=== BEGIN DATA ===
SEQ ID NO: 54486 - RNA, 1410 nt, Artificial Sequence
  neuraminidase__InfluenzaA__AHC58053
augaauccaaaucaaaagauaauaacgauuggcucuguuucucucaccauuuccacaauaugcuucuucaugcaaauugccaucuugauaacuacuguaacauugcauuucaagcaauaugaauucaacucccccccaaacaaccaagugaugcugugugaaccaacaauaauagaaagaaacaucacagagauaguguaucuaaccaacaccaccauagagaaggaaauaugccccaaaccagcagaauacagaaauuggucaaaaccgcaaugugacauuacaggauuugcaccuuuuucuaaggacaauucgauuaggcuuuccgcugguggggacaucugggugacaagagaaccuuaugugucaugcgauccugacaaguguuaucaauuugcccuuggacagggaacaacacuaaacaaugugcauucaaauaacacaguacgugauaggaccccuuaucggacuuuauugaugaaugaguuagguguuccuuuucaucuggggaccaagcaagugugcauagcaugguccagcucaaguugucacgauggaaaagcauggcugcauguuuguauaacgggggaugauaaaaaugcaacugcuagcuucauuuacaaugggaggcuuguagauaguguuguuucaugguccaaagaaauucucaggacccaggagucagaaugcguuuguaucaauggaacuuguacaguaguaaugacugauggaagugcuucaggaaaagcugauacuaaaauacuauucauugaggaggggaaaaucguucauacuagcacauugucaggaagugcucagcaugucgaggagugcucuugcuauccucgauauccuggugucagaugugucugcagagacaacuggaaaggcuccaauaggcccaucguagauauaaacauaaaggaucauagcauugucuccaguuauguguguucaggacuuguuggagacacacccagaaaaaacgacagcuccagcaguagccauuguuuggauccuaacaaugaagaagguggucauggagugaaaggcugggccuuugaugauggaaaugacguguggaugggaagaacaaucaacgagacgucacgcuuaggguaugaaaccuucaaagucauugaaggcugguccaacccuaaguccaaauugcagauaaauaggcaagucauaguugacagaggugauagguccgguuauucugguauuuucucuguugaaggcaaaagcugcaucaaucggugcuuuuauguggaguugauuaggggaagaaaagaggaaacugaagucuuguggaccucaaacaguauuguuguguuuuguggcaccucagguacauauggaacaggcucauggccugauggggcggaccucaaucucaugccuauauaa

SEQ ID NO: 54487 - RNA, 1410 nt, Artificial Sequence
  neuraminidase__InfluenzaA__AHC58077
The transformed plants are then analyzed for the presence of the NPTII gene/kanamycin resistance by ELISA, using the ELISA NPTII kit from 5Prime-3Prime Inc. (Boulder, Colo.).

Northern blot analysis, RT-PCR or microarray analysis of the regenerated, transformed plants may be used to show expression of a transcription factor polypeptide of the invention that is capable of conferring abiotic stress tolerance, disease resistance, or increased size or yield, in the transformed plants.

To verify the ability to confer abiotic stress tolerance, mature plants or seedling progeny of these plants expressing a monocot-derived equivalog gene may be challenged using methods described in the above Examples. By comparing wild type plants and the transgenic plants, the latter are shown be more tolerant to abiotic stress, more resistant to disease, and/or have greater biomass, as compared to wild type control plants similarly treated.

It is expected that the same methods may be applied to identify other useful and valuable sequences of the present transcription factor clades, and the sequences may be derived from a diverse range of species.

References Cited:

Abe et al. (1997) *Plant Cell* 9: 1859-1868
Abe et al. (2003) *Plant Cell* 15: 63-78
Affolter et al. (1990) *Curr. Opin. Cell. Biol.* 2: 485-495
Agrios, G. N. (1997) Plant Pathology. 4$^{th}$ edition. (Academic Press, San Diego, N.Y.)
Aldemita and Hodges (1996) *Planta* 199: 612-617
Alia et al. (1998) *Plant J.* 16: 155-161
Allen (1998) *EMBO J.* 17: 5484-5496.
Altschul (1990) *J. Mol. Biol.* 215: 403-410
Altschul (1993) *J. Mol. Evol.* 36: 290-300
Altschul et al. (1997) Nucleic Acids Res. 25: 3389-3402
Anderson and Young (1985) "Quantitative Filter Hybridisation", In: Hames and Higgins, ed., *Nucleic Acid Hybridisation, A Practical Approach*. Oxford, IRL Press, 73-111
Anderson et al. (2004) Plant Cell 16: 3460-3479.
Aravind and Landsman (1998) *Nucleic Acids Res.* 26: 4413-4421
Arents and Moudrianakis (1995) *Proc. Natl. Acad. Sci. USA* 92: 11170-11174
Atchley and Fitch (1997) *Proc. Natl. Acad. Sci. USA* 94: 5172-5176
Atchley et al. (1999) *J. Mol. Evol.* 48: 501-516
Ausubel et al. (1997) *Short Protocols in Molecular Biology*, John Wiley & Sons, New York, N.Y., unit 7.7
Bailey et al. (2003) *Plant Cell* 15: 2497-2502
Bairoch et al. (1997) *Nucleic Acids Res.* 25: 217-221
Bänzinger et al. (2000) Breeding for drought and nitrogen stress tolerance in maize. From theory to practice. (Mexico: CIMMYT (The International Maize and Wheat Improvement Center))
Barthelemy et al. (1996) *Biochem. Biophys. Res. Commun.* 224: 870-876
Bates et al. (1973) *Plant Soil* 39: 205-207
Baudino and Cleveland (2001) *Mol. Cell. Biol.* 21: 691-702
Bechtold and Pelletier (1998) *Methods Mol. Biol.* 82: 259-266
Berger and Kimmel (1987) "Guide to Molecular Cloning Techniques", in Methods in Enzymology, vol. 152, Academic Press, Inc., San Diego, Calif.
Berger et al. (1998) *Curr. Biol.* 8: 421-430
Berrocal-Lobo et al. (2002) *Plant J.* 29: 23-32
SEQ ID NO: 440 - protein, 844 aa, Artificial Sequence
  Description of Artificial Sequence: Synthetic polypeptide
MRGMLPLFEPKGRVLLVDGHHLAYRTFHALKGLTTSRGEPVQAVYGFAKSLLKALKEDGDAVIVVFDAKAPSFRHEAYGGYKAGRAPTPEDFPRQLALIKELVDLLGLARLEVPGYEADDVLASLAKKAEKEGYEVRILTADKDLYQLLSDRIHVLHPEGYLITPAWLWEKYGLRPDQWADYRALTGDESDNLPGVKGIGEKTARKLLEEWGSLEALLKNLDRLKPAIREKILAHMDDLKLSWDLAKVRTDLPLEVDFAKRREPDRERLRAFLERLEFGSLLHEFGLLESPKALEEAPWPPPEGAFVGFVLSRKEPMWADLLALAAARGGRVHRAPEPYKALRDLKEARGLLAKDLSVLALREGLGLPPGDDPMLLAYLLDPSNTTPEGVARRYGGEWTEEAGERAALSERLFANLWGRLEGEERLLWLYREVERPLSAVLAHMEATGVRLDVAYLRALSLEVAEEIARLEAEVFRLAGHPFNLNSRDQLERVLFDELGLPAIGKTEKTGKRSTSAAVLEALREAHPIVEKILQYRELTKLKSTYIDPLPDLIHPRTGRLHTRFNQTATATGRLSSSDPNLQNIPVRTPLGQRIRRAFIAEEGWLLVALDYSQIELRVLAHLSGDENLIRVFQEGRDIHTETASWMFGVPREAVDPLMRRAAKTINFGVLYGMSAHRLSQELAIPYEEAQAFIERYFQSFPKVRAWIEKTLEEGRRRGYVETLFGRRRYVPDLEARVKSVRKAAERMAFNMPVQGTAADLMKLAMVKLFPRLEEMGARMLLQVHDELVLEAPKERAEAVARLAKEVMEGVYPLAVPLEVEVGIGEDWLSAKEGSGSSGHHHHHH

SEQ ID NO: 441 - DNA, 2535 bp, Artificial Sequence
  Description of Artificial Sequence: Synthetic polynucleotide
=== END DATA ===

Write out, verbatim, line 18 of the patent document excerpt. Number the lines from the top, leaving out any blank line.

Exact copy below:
Altschul (1990) *J. Mol. Biol.* 215: 403-410